Thursday, September 20, 2007

You Have Got To Be Kidding Me

Today I got an email saying that the Senate was going to vote on a resolution condemning for wordplaying on Petraeus' last name and replacing it with Betray-Us. I couldn't believe what I was reading, particularly the day AFTER the Senate couldn't pass a bill to mandate equal time on and off the battlefield for soldiers and couldn't muster up the courage to restore habeaus corpus, too.

By a vote of 72-25, with 3 not voting (including Obama and Biden), the Senate condemned an advertisement or, more specifically, they voted to... the sense of the Senate that General David H. Petraeus, Commanding General, Multi-National Force-Iraq, deserves the full support of the Senate and strongly condemn personal attacks on the honor and integrity of General Petraeus and all members of the United States Armed Forces.
It's ok, however, for Republicans to do and say and advertise all sort of things. Here's a nice little list from Paul Begala, of all people:
* In the 2000 South Carolina primary, George W. Bush stood next to a man described as a "fringe" figure - a man who had attacked Bush's own father - at a Bush rally. With Bush applauding him, the man said John McCain "abandoned" veterans. McCain, who was tortured in a North Vietnamese POW camp, was incensed. Five U.S. Senators who fought in Vietnam, including Democrats John Kerry, Max Cleland and Bob Kerrey, condemned the attack and called on Bush to repudiate it. When pressed on it at a debate hosted by CNN's Larry King, Bush meekly muttered that he shouldn't be held responsible for what others say. Even when he's standing next to them at a Bush rally.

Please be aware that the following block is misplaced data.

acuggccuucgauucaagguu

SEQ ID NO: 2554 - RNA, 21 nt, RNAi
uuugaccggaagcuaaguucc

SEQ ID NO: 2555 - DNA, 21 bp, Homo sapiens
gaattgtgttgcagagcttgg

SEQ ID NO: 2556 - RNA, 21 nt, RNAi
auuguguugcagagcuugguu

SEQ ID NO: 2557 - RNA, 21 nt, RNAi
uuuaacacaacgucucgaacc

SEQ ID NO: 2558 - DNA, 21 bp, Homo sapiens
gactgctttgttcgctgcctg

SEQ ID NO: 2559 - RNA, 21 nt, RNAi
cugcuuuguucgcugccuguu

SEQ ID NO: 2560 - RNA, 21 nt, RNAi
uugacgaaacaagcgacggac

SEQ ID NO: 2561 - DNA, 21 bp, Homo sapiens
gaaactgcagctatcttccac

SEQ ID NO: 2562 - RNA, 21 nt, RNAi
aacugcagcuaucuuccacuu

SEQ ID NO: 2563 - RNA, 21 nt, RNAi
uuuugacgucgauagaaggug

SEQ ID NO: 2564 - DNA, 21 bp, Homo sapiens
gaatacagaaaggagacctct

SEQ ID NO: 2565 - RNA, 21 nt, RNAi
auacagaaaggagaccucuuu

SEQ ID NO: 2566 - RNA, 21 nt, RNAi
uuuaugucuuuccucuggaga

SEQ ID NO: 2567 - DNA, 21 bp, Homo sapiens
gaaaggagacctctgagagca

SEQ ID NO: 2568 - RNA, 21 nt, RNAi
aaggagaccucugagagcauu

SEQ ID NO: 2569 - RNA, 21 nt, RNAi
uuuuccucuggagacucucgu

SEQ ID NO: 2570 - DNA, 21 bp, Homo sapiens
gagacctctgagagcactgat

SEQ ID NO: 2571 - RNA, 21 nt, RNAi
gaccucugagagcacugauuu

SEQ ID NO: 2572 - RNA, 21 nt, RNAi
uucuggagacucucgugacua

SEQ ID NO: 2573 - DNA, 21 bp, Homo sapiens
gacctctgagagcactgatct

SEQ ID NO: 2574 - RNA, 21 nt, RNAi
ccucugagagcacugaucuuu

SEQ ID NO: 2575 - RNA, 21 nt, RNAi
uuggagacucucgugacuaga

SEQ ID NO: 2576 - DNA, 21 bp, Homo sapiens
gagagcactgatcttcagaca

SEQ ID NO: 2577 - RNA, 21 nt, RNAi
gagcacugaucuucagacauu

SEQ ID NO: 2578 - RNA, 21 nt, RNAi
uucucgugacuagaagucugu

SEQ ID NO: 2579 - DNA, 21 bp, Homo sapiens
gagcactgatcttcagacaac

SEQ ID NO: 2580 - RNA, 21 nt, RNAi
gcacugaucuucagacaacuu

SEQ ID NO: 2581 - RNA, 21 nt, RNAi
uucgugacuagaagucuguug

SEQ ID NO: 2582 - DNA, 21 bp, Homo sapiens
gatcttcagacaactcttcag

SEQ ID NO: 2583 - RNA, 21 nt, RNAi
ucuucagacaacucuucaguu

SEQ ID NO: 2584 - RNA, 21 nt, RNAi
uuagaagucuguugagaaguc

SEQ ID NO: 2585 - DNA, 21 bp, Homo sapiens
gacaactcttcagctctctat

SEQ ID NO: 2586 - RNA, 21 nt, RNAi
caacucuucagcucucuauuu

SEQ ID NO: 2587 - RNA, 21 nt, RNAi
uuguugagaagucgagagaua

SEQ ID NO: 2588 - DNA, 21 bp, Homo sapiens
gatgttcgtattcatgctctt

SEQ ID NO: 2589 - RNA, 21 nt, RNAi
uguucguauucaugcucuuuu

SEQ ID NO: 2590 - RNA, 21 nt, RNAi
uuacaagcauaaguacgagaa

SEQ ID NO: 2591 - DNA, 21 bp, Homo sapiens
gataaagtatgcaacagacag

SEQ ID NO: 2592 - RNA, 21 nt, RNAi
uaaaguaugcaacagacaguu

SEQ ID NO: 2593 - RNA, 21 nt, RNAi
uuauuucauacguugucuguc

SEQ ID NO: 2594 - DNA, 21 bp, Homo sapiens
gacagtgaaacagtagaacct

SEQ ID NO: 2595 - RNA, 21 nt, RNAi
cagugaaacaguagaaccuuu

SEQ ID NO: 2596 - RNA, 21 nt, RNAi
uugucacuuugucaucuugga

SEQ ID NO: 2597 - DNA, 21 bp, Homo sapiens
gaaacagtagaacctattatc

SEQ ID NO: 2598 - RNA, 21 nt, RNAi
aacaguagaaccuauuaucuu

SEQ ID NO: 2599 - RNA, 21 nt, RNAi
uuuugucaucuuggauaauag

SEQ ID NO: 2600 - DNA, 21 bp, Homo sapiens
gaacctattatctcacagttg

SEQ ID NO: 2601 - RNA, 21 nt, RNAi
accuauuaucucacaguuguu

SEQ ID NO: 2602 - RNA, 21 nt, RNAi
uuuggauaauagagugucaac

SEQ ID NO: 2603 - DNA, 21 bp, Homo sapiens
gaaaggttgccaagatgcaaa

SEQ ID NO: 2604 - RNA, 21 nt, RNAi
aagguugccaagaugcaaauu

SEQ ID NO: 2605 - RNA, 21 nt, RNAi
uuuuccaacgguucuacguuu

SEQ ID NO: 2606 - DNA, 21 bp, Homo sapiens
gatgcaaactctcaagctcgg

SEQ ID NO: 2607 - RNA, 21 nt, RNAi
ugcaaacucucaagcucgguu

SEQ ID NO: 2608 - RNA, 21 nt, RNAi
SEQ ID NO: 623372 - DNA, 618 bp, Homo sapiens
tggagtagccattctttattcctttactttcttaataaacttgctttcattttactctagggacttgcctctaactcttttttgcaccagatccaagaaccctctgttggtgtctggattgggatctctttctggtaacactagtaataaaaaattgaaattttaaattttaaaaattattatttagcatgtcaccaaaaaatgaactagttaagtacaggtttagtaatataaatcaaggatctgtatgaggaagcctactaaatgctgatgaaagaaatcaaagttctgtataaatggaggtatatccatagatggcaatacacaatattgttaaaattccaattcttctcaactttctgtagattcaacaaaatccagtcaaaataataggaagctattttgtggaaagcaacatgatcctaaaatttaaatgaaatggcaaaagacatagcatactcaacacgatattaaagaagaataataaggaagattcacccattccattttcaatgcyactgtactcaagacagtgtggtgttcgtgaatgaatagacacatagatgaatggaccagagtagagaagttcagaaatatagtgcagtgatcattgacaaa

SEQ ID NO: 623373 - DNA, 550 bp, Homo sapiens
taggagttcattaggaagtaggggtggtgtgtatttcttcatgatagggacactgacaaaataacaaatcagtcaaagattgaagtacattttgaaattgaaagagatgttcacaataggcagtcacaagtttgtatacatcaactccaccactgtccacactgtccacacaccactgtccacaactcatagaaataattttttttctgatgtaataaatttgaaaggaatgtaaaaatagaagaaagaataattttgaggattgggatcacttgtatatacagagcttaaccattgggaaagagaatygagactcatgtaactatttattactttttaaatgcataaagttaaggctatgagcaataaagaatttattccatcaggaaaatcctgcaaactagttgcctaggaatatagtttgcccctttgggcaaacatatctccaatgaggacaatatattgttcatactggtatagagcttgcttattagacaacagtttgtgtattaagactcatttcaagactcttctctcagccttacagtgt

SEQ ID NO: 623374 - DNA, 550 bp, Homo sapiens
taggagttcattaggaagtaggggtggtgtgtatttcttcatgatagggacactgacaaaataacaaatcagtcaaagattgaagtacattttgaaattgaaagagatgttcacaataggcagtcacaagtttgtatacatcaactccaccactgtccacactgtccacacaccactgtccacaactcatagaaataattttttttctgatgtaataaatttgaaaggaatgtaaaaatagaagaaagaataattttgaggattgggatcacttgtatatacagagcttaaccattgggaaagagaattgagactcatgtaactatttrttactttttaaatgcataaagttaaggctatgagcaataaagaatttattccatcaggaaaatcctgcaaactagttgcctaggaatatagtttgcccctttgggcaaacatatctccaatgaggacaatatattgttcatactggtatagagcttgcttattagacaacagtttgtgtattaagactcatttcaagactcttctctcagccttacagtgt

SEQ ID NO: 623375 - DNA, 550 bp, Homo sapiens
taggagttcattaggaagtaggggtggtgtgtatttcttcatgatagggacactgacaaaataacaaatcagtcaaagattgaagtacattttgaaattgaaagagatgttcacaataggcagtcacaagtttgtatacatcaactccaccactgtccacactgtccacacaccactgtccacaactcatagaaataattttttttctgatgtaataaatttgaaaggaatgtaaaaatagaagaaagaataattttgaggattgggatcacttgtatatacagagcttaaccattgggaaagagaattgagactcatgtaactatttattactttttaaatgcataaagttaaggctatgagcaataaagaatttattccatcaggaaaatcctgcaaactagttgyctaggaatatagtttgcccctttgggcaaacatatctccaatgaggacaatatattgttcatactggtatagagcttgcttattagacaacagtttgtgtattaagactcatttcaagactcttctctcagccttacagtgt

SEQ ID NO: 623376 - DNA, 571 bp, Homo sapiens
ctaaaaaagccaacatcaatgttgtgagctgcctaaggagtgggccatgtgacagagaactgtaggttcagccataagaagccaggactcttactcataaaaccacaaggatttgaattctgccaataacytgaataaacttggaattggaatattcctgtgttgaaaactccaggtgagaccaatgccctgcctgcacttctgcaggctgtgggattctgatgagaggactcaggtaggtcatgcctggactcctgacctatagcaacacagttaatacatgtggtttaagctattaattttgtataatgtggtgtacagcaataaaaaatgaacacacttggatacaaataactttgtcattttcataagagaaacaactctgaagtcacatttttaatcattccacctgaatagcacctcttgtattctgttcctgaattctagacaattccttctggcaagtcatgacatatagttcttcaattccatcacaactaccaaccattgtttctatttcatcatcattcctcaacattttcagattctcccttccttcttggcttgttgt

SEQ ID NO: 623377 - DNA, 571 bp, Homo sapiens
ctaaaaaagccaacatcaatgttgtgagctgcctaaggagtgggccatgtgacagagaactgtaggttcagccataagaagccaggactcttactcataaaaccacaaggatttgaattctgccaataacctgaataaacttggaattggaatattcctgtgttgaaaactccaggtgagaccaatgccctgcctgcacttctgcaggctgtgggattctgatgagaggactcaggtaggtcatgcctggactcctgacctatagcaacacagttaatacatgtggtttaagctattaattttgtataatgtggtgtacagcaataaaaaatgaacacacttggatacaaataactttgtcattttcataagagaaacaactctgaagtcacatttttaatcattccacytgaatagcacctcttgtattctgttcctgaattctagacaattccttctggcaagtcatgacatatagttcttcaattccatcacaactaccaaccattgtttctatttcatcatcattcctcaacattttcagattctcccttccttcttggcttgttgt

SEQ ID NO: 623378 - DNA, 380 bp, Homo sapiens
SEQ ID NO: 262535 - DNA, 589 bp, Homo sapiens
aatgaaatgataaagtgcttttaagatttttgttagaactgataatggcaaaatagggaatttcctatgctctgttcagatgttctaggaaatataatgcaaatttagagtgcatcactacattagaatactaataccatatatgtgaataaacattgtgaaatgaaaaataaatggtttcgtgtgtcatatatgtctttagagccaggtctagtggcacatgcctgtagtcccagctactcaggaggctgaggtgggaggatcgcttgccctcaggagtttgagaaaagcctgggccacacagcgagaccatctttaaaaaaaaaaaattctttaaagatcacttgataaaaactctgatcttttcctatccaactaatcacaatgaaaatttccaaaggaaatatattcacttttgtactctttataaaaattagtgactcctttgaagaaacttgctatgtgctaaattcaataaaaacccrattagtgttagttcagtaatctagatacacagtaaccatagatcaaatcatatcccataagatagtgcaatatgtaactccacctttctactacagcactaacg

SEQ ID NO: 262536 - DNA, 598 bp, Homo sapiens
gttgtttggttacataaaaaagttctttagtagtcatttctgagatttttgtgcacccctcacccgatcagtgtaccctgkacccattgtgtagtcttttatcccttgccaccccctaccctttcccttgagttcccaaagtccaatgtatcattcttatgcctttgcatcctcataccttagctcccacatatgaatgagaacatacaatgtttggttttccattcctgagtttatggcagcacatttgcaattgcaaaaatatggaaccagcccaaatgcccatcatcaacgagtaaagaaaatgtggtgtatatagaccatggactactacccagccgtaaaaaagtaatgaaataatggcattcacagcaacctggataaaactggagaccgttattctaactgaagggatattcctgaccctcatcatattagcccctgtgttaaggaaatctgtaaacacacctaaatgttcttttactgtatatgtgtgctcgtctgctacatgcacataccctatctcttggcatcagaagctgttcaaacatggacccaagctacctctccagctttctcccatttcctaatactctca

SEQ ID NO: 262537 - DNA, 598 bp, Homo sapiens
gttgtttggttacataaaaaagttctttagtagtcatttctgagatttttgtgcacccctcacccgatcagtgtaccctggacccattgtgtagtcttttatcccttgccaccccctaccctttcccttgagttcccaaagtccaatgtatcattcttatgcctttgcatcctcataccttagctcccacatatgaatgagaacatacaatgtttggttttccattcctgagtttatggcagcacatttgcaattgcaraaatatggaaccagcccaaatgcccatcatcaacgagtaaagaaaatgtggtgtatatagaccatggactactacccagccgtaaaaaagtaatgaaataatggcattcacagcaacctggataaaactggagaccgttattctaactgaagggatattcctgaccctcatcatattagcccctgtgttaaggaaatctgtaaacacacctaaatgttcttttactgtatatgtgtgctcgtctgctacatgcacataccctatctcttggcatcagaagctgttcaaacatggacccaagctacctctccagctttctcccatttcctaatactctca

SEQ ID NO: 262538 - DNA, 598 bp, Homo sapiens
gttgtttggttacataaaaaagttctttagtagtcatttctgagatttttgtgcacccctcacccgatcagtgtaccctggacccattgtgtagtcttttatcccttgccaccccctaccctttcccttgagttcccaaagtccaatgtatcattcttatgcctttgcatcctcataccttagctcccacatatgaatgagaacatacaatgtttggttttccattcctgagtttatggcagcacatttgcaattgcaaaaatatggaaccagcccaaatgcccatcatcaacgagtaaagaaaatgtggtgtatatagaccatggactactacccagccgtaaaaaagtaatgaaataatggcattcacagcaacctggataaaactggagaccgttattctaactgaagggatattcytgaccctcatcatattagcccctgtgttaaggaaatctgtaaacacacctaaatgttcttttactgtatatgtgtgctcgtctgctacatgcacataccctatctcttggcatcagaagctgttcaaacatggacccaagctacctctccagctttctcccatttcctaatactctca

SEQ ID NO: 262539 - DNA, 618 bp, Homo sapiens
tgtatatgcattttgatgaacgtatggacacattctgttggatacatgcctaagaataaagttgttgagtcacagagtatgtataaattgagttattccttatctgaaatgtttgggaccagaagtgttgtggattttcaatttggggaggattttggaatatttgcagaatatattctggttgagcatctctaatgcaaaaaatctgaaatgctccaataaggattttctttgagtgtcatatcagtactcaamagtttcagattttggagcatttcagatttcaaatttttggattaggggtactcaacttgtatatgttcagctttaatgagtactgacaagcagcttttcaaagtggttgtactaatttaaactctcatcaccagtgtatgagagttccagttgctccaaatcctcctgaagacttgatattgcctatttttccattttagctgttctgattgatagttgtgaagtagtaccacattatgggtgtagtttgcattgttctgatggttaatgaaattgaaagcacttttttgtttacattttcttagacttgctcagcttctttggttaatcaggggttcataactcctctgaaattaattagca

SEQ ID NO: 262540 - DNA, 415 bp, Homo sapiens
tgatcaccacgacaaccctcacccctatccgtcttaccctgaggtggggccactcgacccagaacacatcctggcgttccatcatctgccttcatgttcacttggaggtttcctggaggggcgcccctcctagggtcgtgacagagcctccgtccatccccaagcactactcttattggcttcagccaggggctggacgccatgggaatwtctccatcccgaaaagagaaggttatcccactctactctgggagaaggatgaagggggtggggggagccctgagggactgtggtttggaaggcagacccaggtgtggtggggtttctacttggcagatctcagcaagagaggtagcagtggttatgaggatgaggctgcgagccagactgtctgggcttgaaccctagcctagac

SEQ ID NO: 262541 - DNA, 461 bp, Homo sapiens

* In the 2002 campaign, draft dodger Saxby Chambliss ran an ad with pictures of Osama bin Laden and Saddam Hussein, then said Sen. Max Cleland lacked courage. Max Cleland left three limbs in Vietnam as an Army captain. Mr. Bush's political aide, Karl Rove, later refused to disavow the ad, saying, "President Bush and the White House don't write the ads for Senate candidates."

* Also in the 2002 campaign, the PAC for the Family Research Council, a close Bush ally, ran an ad in South Dakota that pictured Sen. Tom Daschle and Saddam Hussein. "What do Saddam Hussein and Senate Majority Leader Tom Daschle have in common?" the ad asked. Apparently, they both opposed drilling in the Arctic wilderness. First, I had no idea that supporting drilling in the wilderness is a family values issue. Second, I have seen no reporting on the late Iraqi dictator's position on Alaska drilling. But I do know Tom Daschle is an Air Force veteran. Mr. Bush never disavowed the smear.

* But perhaps the worst was what was done to John Kerry. Kerry earned five major medals in combat: the Silver Star, the Bronze Star and three Purple Hearts. And yet supporters of Bush and Cheney decided to smear his war record. The despicable, dishonest Swift Boat attacks alleged that Kerry fabricated reports that earned him the Bronze Star. The Swifties also suggested that Kerry's wounds were insignificant - and that one was even self-inflicted. Kerry's wounds were certainly more serious than Mr. Bush's, who suffered a cut on his finger from popping a beer can while avoiding his duty in the Alabama National Guard. At the 2000 GOP convention, rich, white Republicans were photographed gleefully putting Band-Aids with purple hearts on their chubby cheeks. Mr. Bush refused to condemn the attack - blandly noting he didn't like 527 groups generally - and later nominated one of the men who financed the smear to be Ambassador to Belgium.
This entire episode is unbelievable. It's ok for organizations such as "Gathering of Eagles" to spew all sorts of hateful speech against "moonbats" and "libruls" and the fathers of dead soldiers who say that they were beaten by members of that organization, but say the term "Betray-Us" and the right goes so far as to pass a resolution in the Senate of all places. Give me a freaking break.

God help us all. It's gotten just one more step scarier out here.

No comments: